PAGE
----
Reps. O’Mara, Scott, Khan, and Mayor Tuerk call for passage of bill focusing on first responders’ mental health

HARRISBURG, May 2 — State Rep. Jennifer O’Mara, joined by state first responder organizations, fellow government officials, and activists called for the passage of House Bill 1632 in the Capitol’s Main Rotunda.

Her legislation would add Post-Traumatic Stress Injury as an eligible claim for first responders filing for workers’ compensation. O’Mara said her measure, echoed by colleagues on both sides of the aisle and first responders, demonstrates the importance of destigmatizing mental health care – especially among police officers, firefighters, and EMS personnel. About one third of emergency responders develop mental health conditions due to the nature of their work.

“When I was a teenager, I lost my dad – a Philadelphia firefighter – to gun suicide. Depression and PTSI are treatable conditions not ‘a part of the job.’ House Bill 1632 works to ensure other Pennsylvania families don’t suffer the same loss that my family did,” O’Mara said. “Access to mental health services should be readily available and strongly encouraged, particularly for first responders, who we rely on to keep us safe. This bill works toward that by making high-quality, consistent care more accessible following a PTSI diagnosis.”

“Our first responders are the backbone of our communities, rushing into dangerous and traumatic situations to keep us safe. Their selfless service often takes a toll on their mental well-being and receiving the care they need can be blocked by barriers and proof of ‘abnormal working conditions’,” said Rep. Greg Scott, D-Montgomery. “That's why we're fighting to change it. Providing workers’ compensation for PTSI will ensure that first responders have the resources and time they need to recover and continue serving our communities.”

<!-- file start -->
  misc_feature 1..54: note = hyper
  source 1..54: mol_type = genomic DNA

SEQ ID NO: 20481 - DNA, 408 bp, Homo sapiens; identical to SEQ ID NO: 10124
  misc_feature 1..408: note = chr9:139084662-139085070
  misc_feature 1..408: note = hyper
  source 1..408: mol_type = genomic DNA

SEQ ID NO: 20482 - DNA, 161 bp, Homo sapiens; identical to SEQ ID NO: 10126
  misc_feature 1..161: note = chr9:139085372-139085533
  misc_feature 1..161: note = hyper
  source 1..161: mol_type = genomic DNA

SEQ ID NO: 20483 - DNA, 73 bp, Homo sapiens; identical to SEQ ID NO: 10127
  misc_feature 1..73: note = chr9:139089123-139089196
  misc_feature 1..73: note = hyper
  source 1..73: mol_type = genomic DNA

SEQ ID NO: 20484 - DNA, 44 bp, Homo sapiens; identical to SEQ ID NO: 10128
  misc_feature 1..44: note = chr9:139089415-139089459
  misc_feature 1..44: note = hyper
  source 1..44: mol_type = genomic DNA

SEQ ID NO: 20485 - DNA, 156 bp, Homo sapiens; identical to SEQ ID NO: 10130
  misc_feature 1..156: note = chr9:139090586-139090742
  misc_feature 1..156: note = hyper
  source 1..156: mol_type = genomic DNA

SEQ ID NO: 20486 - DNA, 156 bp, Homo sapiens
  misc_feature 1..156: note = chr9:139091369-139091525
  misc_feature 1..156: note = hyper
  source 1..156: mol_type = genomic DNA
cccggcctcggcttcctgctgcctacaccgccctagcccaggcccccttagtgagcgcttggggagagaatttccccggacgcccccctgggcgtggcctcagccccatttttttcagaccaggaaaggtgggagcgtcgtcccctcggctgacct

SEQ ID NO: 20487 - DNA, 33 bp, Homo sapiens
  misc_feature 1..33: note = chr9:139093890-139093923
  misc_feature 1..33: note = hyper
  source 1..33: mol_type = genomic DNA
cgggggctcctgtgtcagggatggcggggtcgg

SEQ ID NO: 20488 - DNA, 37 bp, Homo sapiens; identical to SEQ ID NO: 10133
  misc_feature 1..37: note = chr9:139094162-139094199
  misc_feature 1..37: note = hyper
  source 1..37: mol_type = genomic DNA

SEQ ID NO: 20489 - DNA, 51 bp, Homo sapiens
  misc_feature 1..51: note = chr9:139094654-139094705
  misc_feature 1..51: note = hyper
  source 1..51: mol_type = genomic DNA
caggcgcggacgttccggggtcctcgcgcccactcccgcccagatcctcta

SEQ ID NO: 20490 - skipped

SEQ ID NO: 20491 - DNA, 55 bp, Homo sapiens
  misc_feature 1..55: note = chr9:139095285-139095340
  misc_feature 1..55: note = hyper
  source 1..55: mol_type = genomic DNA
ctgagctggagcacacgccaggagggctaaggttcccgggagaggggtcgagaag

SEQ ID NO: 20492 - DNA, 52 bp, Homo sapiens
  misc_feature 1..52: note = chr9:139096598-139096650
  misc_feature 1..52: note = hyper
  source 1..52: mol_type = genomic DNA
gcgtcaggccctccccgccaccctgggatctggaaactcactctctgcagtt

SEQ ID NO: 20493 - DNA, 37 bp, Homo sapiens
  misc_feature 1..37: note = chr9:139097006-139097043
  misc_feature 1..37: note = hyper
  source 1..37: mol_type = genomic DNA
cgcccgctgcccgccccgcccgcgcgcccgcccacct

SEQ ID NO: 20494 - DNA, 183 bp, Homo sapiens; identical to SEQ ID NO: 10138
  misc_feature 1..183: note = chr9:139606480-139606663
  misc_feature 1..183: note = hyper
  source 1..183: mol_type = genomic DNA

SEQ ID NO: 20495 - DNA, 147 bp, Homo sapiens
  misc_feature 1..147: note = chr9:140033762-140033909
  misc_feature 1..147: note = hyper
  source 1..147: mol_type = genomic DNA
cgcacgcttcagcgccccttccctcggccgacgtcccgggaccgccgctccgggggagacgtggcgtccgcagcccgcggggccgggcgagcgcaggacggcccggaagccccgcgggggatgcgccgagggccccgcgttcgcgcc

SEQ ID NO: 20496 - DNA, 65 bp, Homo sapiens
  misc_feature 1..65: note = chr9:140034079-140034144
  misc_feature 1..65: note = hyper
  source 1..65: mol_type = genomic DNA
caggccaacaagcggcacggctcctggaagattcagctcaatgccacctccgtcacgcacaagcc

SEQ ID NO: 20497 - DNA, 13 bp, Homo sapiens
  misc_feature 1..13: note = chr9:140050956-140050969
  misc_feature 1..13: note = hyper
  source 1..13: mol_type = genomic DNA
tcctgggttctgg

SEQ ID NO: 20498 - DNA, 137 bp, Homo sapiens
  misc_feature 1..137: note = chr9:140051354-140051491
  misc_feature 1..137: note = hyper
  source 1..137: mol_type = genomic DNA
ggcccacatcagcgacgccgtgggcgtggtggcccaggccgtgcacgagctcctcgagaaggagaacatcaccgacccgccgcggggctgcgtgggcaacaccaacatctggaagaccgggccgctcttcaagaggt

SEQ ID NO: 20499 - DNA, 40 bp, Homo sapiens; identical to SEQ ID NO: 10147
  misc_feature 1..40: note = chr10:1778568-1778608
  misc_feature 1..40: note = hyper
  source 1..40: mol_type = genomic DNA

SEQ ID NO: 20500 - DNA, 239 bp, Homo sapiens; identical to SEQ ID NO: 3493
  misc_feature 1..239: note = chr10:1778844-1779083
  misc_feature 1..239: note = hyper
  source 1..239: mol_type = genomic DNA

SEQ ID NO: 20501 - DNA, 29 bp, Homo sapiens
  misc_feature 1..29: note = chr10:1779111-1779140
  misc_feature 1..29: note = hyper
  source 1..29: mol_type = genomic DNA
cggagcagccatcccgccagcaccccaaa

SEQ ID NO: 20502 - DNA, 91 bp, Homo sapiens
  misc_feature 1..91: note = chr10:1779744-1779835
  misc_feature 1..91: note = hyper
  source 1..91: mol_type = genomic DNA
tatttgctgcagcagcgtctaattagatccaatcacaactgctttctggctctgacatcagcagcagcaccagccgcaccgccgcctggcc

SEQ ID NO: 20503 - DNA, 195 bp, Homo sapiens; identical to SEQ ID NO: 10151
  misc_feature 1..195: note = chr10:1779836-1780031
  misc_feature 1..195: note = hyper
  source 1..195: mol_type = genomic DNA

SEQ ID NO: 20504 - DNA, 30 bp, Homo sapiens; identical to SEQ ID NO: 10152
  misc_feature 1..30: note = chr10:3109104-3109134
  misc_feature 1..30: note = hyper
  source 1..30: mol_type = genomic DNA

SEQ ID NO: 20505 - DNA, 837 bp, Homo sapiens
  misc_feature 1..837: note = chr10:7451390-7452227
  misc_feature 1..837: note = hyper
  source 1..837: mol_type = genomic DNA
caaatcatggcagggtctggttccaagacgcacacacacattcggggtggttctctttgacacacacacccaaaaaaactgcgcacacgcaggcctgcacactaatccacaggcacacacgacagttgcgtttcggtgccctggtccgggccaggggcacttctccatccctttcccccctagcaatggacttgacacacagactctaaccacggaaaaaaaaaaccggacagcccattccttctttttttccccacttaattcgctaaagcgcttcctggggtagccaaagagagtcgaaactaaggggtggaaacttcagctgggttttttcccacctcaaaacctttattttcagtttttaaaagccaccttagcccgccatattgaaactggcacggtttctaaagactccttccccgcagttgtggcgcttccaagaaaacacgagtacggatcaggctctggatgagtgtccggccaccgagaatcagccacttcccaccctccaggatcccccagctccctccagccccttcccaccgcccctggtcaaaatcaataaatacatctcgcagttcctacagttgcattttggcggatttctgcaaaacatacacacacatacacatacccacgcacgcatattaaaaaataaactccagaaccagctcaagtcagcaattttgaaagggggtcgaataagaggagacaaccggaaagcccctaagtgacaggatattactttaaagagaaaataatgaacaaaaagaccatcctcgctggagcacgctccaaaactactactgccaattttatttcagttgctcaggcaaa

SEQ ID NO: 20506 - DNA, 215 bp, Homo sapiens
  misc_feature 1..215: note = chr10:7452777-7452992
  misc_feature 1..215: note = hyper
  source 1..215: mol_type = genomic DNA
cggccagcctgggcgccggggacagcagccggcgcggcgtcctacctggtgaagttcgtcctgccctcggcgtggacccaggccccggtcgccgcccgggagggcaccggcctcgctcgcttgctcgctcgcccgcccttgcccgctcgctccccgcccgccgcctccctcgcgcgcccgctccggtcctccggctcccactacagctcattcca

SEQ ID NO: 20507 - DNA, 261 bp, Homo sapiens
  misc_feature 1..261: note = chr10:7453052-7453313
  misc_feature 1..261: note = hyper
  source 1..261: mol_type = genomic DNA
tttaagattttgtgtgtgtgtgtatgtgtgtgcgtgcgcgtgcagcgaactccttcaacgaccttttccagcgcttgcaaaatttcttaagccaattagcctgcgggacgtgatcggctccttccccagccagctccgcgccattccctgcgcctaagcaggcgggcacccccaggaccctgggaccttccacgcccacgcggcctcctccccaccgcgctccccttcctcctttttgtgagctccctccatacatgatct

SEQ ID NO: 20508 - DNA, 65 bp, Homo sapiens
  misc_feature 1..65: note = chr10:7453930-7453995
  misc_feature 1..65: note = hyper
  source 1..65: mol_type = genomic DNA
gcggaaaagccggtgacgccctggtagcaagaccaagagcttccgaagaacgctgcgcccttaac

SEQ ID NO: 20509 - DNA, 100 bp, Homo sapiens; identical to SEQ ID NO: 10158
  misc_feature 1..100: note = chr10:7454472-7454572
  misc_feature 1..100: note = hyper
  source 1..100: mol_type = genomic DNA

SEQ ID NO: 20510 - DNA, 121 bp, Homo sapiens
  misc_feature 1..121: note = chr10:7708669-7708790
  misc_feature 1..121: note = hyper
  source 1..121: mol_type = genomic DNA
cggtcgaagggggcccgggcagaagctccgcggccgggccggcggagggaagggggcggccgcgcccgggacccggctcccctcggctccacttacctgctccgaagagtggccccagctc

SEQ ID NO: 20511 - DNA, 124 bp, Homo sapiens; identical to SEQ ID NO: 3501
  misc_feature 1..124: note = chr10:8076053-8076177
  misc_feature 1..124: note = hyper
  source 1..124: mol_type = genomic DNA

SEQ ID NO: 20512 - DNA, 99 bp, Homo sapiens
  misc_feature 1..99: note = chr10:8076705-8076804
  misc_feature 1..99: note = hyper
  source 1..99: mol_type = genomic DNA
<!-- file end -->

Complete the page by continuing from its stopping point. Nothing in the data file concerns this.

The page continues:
“I’ve treated first responders as a family nurse practitioner, and I’ve seen effects of PTSI on their health. Like a broken arm or leg, these injuries need time and support to heal. This bipartisan bill will help our firefighters, paramedics and police get the critical support they need to get well and get back to work serving our community,” Rep. Tarik Khan, D-Phila., said. “I am grateful to Rep. O’Mara for her tenacious and effective leadership on this bill, and proud to be a co-prime sponsor.”

“The bravery that is displayed by our firefighters, our police and our paramedics does not come sometimes without a cost,” Allentown Mayor Matt Tuerk said. “Mental health impacts homelessness and can reduce quality of life in our communities, and mayors across the country deeply understand how important mental health is to their stakeholders. Those stakeholders include residents, but also employees. Those employees include police, paramedics, and firefighters … Bills like this care for the health needs of all of our employees – especially first responders.”

“Professional firefighters are men and women in our communities. They are sons and daughters. They have families. And they dedicate their lives to protecting us - including everyone in this building. It’s time that our legislature takes the steps necessary to protect them,” Robert Brooks, president of the Pennsylvania Professional Firefighters Association said.

The bill as amended has been re-committed to the House Appropriations Committee and is poised for final consideration in the Pennsylvania House.

Photos from the event are available on O’Mara’s website.